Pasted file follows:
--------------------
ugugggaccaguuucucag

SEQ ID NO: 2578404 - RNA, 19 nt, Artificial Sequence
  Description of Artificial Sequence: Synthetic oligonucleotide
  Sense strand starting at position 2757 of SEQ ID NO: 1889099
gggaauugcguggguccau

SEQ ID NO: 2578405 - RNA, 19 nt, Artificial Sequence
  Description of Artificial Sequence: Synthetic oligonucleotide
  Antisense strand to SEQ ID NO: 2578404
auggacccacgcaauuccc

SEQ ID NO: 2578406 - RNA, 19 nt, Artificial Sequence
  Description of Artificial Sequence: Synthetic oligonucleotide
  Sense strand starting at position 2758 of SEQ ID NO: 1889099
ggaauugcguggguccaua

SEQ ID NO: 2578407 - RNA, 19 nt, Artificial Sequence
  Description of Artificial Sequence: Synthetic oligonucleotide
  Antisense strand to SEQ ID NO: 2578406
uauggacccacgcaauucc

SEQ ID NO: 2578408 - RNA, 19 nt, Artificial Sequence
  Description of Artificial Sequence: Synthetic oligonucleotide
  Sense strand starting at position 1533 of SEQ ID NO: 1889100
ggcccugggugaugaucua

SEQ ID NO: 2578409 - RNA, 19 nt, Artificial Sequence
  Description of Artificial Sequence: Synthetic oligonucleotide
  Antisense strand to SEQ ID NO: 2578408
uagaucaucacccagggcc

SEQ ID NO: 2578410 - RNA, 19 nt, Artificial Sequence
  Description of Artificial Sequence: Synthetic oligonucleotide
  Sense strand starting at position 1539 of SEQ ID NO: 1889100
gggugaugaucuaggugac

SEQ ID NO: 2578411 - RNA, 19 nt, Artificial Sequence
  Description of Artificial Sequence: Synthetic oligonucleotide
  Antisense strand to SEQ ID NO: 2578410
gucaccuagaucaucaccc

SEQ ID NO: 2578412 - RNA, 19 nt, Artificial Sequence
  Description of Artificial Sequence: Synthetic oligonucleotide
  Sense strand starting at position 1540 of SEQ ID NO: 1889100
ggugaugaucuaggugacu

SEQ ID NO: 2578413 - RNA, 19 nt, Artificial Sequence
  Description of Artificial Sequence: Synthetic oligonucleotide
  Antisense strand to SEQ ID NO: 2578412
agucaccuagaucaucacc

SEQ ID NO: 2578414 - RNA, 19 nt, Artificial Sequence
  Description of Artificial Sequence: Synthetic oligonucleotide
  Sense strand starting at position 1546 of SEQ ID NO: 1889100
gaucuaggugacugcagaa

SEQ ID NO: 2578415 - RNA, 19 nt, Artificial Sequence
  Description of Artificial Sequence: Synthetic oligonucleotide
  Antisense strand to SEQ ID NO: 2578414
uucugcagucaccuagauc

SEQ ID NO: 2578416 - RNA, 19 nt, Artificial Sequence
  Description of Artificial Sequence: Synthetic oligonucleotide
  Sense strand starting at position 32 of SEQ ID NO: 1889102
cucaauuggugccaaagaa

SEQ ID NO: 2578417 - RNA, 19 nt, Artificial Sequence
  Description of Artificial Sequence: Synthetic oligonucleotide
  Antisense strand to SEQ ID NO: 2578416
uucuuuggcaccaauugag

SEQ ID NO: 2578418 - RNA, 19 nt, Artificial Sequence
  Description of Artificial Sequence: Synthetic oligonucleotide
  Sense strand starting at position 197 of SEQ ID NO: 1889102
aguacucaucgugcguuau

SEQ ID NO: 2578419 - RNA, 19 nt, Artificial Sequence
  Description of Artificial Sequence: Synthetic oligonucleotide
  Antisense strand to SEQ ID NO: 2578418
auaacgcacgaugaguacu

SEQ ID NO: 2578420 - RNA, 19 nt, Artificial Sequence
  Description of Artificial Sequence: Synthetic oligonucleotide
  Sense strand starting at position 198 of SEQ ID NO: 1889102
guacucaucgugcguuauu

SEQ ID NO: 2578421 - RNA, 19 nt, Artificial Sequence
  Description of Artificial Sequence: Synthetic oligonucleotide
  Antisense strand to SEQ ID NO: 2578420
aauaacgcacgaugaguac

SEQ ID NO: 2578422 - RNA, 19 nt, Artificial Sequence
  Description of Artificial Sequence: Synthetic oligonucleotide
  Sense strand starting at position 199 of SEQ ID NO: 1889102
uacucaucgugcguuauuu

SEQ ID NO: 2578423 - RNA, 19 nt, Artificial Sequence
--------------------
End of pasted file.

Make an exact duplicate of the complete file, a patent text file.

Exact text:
ugugggaccaguuucucag

SEQ ID NO: 2578404 - RNA, 19 nt, Artificial Sequence
  Description of Artificial Sequence: Synthetic oligonucleotide
  Sense strand starting at position 2757 of SEQ ID NO: 1889099
gggaauugcguggguccau

SEQ ID NO: 2578405 - RNA, 19 nt, Artificial Sequence
  Description of Artificial Sequence: Synthetic oligonucleotide
  Antisense strand to SEQ ID NO: 2578404
auggacccacgcaauuccc

SEQ ID NO: 2578406 - RNA, 19 nt, Artificial Sequence
  Description of Artificial Sequence: Synthetic oligonucleotide
  Sense strand starting at position 2758 of SEQ ID NO: 1889099
ggaauugcguggguccaua

SEQ ID NO: 2578407 - RNA, 19 nt, Artificial Sequence
  Description of Artificial Sequence: Synthetic oligonucleotide
  Antisense strand to SEQ ID NO: 2578406
uauggacccacgcaauucc

SEQ ID NO: 2578408 - RNA, 19 nt, Artificial Sequence
  Description of Artificial Sequence: Synthetic oligonucleotide
  Sense strand starting at position 1533 of SEQ ID NO: 1889100
ggcccugggugaugaucua

SEQ ID NO: 2578409 - RNA, 19 nt, Artificial Sequence
  Description of Artificial Sequence: Synthetic oligonucleotide
  Antisense strand to SEQ ID NO: 2578408
uagaucaucacccagggcc

SEQ ID NO: 2578410 - RNA, 19 nt, Artificial Sequence
  Description of Artificial Sequence: Synthetic oligonucleotide
  Sense strand starting at position 1539 of SEQ ID NO: 1889100
gggugaugaucuaggugac

SEQ ID NO: 2578411 - RNA, 19 nt, Artificial Sequence
  Description of Artificial Sequence: Synthetic oligonucleotide
  Antisense strand to SEQ ID NO: 2578410
gucaccuagaucaucaccc

SEQ ID NO: 2578412 - RNA, 19 nt, Artificial Sequence
  Description of Artificial Sequence: Synthetic oligonucleotide
  Sense strand starting at position 1540 of SEQ ID NO: 1889100
ggugaugaucuaggugacu

SEQ ID NO: 2578413 - RNA, 19 nt, Artificial Sequence
  Description of Artificial Sequence: Synthetic oligonucleotide
  Antisense strand to SEQ ID NO: 2578412
agucaccuagaucaucacc

SEQ ID NO: 2578414 - RNA, 19 nt, Artificial Sequence
  Description of Artificial Sequence: Synthetic oligonucleotide
  Sense strand starting at position 1546 of SEQ ID NO: 1889100
gaucuaggugacugcagaa

SEQ ID NO: 2578415 - RNA, 19 nt, Artificial Sequence
  Description of Artificial Sequence: Synthetic oligonucleotide
  Antisense strand to SEQ ID NO: 2578414
uucugcagucaccuagauc

SEQ ID NO: 2578416 - RNA, 19 nt, Artificial Sequence
  Description of Artificial Sequence: Synthetic oligonucleotide
  Sense strand starting at position 32 of SEQ ID NO: 1889102
cucaauuggugccaaagaa

SEQ ID NO: 2578417 - RNA, 19 nt, Artificial Sequence
  Description of Artificial Sequence: Synthetic oligonucleotide
  Antisense strand to SEQ ID NO: 2578416
uucuuuggcaccaauugag

SEQ ID NO: 2578418 - RNA, 19 nt, Artificial Sequence
  Description of Artificial Sequence: Synthetic oligonucleotide
  Sense strand starting at position 197 of SEQ ID NO: 1889102
aguacucaucgugcguuau

SEQ ID NO: 2578419 - RNA, 19 nt, Artificial Sequence
  Description of Artificial Sequence: Synthetic oligonucleotide
  Antisense strand to SEQ ID NO: 2578418
auaacgcacgaugaguacu

SEQ ID NO: 2578420 - RNA, 19 nt, Artificial Sequence
  Description of Artificial Sequence: Synthetic oligonucleotide
  Sense strand starting at position 198 of SEQ ID NO: 1889102
guacucaucgugcguuauu

SEQ ID NO: 2578421 - RNA, 19 nt, Artificial Sequence
  Description of Artificial Sequence: Synthetic oligonucleotide
  Antisense strand to SEQ ID NO: 2578420
aauaacgcacgaugaguac

SEQ ID NO: 2578422 - RNA, 19 nt, Artificial Sequence
  Description of Artificial Sequence: Synthetic oligonucleotide
  Sense strand starting at position 199 of SEQ ID NO: 1889102
uacucaucgugcguuauuu

SEQ ID NO: 2578423 - RNA, 19 nt, Artificial Sequence